In his latest attempt to provide a smoke screen for violent cops, Lumumba has created a task force through executive order to deliberate over the question of whether the City should release the names of police officers involved in acts of violence against civilians.
Photo by William H. Kelly III.
In the "most radical city on the planet," the "emperor" has no clothes. Mayor Chokwe Antar Lumumba has repeatedly provided cover for the Jackson Police Department, which has consistently exacted violence on residents. He allows JPD to operate with impunity in the face of calls from community members to hold officers accountable for their actions.
In his latest attempt to provide a smoke screen for violent cops, Lumumba has created a task force through executive order to deliberate over the question of whether the City should release the names of police officers involved in acts of violence against civilians. The task force is comprised of government bureaucrats, police officers, Lumumba family members and professionals who will likely never have the types of experiences that poor and working-class black people have with JPD.
His campaign slogan, "when I become mayor, you become mayor," speaks to a governing process that allows residents to have democratic control over the decisions that impact their lives. However, the task force's creation is mayor-centered and does not represent direct democracy.
At the first meeting on April 11, it was evident from the start that JPD would dominate it. Officers who were not a part of the task force spoke at will. However, community members were told they would not be allowed to address the task force.
Eventually, after residents pressed them about the undemocratic nature of the process, members relented and voted to offer residents 10 minutes to speak toward the end of each meeting. The task force also adopted the suggestion of a non-member officer to host the second meeting at JPD training headquarters. Apparently, no one on the task force thought it would be problematic to invite residents to a meeting space that the department controls to discuss matters critical of JPD.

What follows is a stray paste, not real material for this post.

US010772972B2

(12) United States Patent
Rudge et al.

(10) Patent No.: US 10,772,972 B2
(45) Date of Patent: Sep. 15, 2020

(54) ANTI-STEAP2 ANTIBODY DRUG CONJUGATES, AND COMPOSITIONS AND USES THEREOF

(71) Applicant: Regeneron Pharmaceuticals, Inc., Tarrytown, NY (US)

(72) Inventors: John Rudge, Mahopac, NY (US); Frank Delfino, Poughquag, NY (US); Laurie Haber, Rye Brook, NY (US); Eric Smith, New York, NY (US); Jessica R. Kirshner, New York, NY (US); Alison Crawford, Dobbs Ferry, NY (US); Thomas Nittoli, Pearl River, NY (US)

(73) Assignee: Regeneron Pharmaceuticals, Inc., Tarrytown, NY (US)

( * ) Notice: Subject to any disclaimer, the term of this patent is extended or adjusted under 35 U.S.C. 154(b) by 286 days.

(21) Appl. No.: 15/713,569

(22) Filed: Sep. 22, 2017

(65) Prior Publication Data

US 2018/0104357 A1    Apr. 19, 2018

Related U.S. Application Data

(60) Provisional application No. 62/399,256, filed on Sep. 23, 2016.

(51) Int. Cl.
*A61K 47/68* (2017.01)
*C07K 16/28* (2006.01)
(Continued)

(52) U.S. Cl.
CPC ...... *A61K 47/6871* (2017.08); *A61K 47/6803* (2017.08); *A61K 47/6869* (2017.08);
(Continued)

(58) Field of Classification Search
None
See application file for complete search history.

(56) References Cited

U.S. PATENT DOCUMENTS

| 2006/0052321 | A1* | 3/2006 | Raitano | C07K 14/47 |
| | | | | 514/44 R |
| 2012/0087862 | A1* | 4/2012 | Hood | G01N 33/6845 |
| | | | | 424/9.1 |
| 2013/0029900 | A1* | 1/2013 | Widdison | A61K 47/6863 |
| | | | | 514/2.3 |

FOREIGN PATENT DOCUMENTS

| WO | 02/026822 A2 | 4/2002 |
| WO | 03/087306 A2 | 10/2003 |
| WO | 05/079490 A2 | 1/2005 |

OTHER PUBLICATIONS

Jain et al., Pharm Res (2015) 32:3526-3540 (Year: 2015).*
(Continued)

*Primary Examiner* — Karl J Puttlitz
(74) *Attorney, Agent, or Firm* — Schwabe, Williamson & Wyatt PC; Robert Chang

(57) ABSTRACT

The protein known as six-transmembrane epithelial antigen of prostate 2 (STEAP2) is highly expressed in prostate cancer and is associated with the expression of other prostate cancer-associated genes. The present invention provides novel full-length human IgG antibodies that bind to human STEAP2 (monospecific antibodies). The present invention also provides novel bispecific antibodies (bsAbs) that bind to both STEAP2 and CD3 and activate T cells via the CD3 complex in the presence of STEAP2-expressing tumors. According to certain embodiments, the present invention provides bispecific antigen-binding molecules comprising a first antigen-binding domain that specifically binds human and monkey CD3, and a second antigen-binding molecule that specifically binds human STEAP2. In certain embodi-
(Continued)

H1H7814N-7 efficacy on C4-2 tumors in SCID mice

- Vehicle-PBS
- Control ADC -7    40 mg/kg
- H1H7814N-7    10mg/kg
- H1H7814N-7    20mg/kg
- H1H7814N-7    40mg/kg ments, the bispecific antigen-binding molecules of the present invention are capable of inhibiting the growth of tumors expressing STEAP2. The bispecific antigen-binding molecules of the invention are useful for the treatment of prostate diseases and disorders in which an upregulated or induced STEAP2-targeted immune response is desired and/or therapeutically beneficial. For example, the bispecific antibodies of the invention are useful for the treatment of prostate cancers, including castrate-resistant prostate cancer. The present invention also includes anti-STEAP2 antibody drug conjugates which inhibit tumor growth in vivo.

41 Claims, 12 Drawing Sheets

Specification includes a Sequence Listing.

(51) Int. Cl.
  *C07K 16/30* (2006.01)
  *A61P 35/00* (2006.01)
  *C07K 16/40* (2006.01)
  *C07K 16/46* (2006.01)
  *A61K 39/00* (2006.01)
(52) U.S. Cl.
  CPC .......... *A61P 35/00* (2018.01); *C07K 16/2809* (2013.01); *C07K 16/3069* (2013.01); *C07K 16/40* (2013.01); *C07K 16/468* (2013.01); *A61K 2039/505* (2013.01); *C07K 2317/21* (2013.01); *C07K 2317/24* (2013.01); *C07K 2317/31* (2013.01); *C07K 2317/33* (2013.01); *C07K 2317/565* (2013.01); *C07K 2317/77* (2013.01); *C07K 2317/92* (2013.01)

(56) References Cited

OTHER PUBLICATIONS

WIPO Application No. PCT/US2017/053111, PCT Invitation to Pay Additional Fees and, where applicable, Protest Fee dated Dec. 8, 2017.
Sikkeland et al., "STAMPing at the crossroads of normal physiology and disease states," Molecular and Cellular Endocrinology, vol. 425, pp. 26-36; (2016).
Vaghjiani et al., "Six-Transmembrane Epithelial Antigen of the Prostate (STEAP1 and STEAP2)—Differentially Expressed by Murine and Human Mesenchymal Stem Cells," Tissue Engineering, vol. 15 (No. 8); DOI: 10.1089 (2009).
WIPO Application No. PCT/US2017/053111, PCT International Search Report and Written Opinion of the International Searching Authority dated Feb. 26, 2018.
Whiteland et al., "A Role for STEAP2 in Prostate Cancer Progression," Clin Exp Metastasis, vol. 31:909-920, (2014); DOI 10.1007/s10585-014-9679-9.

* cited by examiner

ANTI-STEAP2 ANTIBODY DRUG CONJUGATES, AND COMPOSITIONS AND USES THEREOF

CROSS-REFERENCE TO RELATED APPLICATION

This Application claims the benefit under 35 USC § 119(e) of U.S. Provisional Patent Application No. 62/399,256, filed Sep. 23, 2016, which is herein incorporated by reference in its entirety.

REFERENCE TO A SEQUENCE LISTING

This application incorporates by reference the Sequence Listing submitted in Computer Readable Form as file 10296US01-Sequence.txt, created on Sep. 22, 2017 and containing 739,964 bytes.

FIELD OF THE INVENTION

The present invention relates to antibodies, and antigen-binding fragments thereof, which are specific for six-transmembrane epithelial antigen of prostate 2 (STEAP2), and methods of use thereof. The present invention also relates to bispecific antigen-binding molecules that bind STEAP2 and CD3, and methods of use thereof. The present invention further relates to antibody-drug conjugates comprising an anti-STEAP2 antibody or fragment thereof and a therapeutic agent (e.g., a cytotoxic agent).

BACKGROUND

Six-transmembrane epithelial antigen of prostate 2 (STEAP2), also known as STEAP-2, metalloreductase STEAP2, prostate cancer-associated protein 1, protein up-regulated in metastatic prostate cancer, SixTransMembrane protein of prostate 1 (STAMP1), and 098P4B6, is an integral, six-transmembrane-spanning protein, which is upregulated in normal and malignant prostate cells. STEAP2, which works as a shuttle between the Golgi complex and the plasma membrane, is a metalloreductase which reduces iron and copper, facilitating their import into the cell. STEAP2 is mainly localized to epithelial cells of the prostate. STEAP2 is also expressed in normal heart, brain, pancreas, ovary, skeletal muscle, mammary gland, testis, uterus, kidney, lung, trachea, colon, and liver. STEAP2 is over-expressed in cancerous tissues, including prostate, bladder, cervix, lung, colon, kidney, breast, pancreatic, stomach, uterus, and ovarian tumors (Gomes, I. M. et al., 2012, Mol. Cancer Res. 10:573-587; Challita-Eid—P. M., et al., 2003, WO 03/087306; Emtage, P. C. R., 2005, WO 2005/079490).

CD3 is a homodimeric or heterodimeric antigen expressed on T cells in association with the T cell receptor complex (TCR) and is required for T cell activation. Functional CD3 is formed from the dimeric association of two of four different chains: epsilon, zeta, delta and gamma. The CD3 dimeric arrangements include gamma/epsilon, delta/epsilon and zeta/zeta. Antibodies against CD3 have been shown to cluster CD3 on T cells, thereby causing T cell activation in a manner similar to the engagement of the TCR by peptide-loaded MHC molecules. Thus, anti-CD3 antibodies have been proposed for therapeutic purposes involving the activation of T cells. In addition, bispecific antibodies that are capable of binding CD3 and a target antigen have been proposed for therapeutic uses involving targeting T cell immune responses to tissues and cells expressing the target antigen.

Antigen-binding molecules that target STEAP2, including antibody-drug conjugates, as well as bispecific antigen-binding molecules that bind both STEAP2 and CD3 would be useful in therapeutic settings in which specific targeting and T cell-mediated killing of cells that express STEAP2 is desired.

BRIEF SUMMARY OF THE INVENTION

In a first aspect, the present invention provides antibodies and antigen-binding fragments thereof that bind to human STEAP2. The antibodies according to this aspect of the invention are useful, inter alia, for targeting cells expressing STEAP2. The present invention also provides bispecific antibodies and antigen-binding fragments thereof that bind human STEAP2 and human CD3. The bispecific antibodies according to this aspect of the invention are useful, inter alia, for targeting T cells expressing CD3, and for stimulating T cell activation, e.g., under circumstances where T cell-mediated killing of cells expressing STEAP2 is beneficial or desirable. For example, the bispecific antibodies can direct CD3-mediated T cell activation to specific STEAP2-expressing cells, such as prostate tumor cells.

Mayor Lumumba has said that the task force represents the will and voice of the people. During the second meeting, this well-dressed lie was exposed. Previously, the mayor said that he established the task force because certain community members did not want him to release the identities of officers. Task-force appointee and Lumumba administration Chief of Staff Safiyah Omari revealed that the committee came about as a result of a compromise between Lumumba and JPD.
He could have issued an executive order mandating the names of officers involved in violence against civilians be released without the smoke screen of a task force. However, he won't because it is not politically expedient for him to do so. When task-force members discussed expanding the scope of the committee, Omari told them that they would have to get the approval of the mayor because his executive order would not allow them to do that. But if we are all "co-mayors," shouldn't the people be able to decide the scope and direction of the task force?
Lumumba and his political allies say that "the people" must decide. Who are the people? How do "the people" decide? It appears that his desire to follow the will of the people has been relegated to the realm of theory. His practice is to appoint individuals who are loyal to his political interests. This is the type of nepotism and cronyism that breeds political corruption and opportunism.
This is the status quo. This is not the "radical" change that he promised to the residents of Jackson. The task force is a farce and cruel jest in the face of very serious calls for the imposition of transparency and accountability on a murderous and violent police state.
Adofo Minka is a defense attorney and founder of the America Means Prison Initiative. Follow his commentary at adofom1.tumblr.com.